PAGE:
The more they switch and change, their past history becomes more and more blurred as time passes. The use of this story illustrates how an outside authority attempts to manipulate a groups history for their own gains and what the consequences for not dealing with and forgetting the history are for this dominated group. The hauntings throughout Deane’s novel have a very distinct religious connotations which illustrates the control and authority of the church in the lives of the Irish Catholic people and how they affect the history of these people by making them again passive and submissive. We live, boys in a world that will pass away..Injustice, tyranny, freedom, national independence are realities that will fade too, for they are not ultimate realities, and the only life worth living is a life lived in the light of the ultimate. (Deane 26) Here, Deane illustrates how the Church keeps the people submissive and ignorant.

They try and want the people to forget the circumstances they are living in and stay focused on “the only life worth living” which is heaven. This is where the family gets their belief that the ghost of their history and past will in the words of the church, “will pass away” and “fade”. The church’s focus is to keep the peoples attention on heaven, to ignore the “realities” such as “injustice, tyranny, freedom, national independence”. These are things that affect the people daily which, if they remember their past, could cause upheaval in the area, therefore hurting the churches power in Northern Ireland. Deane continues on, in “Grandfather”, with showing why the Church has a vested interest for wanting the people to forget their situation and focus on something intangible, which is their power in the region would be at stake if the people remembered their history. I know there are some who believe that the poor man who committed that murder was justified, and that he will be forgiven by an all merciful God for what he did.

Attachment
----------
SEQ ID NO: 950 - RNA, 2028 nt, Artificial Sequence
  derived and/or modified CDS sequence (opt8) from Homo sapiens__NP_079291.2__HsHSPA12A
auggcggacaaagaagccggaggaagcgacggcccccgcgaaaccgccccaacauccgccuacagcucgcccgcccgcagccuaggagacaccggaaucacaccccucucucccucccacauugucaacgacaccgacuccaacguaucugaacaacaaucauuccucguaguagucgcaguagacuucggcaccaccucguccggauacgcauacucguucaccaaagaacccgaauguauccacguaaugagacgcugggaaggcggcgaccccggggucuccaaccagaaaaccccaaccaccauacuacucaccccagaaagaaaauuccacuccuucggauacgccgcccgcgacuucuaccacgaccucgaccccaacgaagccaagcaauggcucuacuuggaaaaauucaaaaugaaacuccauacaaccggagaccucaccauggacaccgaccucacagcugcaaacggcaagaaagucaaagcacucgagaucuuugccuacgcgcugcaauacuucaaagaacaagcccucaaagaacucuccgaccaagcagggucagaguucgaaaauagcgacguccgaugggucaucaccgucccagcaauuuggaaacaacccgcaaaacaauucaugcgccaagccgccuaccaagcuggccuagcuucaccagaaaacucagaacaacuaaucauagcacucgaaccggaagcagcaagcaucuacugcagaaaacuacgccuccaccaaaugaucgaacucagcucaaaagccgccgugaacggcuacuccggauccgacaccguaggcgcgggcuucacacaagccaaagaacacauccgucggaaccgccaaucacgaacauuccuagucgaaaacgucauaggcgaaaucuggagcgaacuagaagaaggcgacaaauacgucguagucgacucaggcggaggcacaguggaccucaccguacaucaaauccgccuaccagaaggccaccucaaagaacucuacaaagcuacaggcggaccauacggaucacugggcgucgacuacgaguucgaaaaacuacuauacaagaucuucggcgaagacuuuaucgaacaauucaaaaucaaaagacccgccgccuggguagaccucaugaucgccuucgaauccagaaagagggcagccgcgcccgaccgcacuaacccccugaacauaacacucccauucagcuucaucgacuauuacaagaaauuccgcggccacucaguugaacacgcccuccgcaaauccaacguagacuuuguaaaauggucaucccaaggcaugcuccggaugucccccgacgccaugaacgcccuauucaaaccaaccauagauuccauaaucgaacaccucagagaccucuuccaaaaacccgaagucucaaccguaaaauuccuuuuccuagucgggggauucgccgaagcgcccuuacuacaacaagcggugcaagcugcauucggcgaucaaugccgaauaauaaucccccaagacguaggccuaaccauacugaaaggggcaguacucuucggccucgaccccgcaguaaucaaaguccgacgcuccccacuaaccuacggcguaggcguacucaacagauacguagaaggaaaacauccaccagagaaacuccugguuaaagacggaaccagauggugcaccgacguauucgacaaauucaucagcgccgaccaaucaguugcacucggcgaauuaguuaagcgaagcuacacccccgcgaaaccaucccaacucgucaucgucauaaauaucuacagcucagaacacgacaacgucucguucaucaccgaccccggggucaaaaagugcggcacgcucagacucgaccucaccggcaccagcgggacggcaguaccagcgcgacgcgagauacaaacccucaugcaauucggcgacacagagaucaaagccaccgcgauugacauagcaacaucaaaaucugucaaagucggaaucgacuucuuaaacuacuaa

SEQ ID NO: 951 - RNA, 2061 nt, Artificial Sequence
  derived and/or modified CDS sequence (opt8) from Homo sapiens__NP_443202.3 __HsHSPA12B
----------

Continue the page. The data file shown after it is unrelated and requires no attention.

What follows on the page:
That may be..But it is true, too, of the policeman: he may have been as plagued by guilt as his own murderer.. (Deane 26). “I” represents the Church in this situation. They occupy the same intermediary position here as they do in region, playing both sides of the field between the Irish people and the British government. The “man” in this story represents the Irish Catholic people in the struggle and the “policeman”, the British government. The church in this instance is trying to negate the struggle and tension between the people and government by saying both felt “justified”.

They must play both sides off if they want to keep their position of power in the region. To side with one they run the risk of alienating either the people or the government. That is why they treat both sides of the “man” and “policeman” as the same and not different. By the end of the novel, the narrator illustrates the new generation of Irish Catholics who seek the truth about their history and in effect become the living ghosts who now haunt the authority in the region. “Why don’t you go away?” she asked me.

“Then maybe I could look after your father properly for once, without your eyes on me”. (Deane 235) The mother, who represents the old order of authority, now treats her own son as the ghost that haunted them. Just as she wanted the shadow to “go away” in the begin, she wishes the same of her son, who searched and discovered the hidden secrets of their history. “His eyes” are those of the new generation who dig up the past and make those who do not want to face the truth. He becomes that constant reminder of their history, just as the “shadow” was in the beginning.

Here “your father” and her being able to “look after” him illustrates the old order of authority in Northern Ireland that he, the new generation of Irish, interrupt. It is this new generation that are involved in the fighting for their freedom from the authority of the British government and Church, which the mother, father and the rest of their generation had been conditioned into passivity and ignorance by. Deane takes the theme of haunting and weaves it into his novel in order to reveal something much more complicated than merely the mystery of the history one family refuses to deal with. The family and their ghost reveal the intricacies of the Northern Irish society. These two things reveal the use of history by several different authorities to colonize and subjugate this people, by steering them away from the realities that truly affect them.

The simple truth of the what Deane illustrates is history and the past will not go away and they will always be present.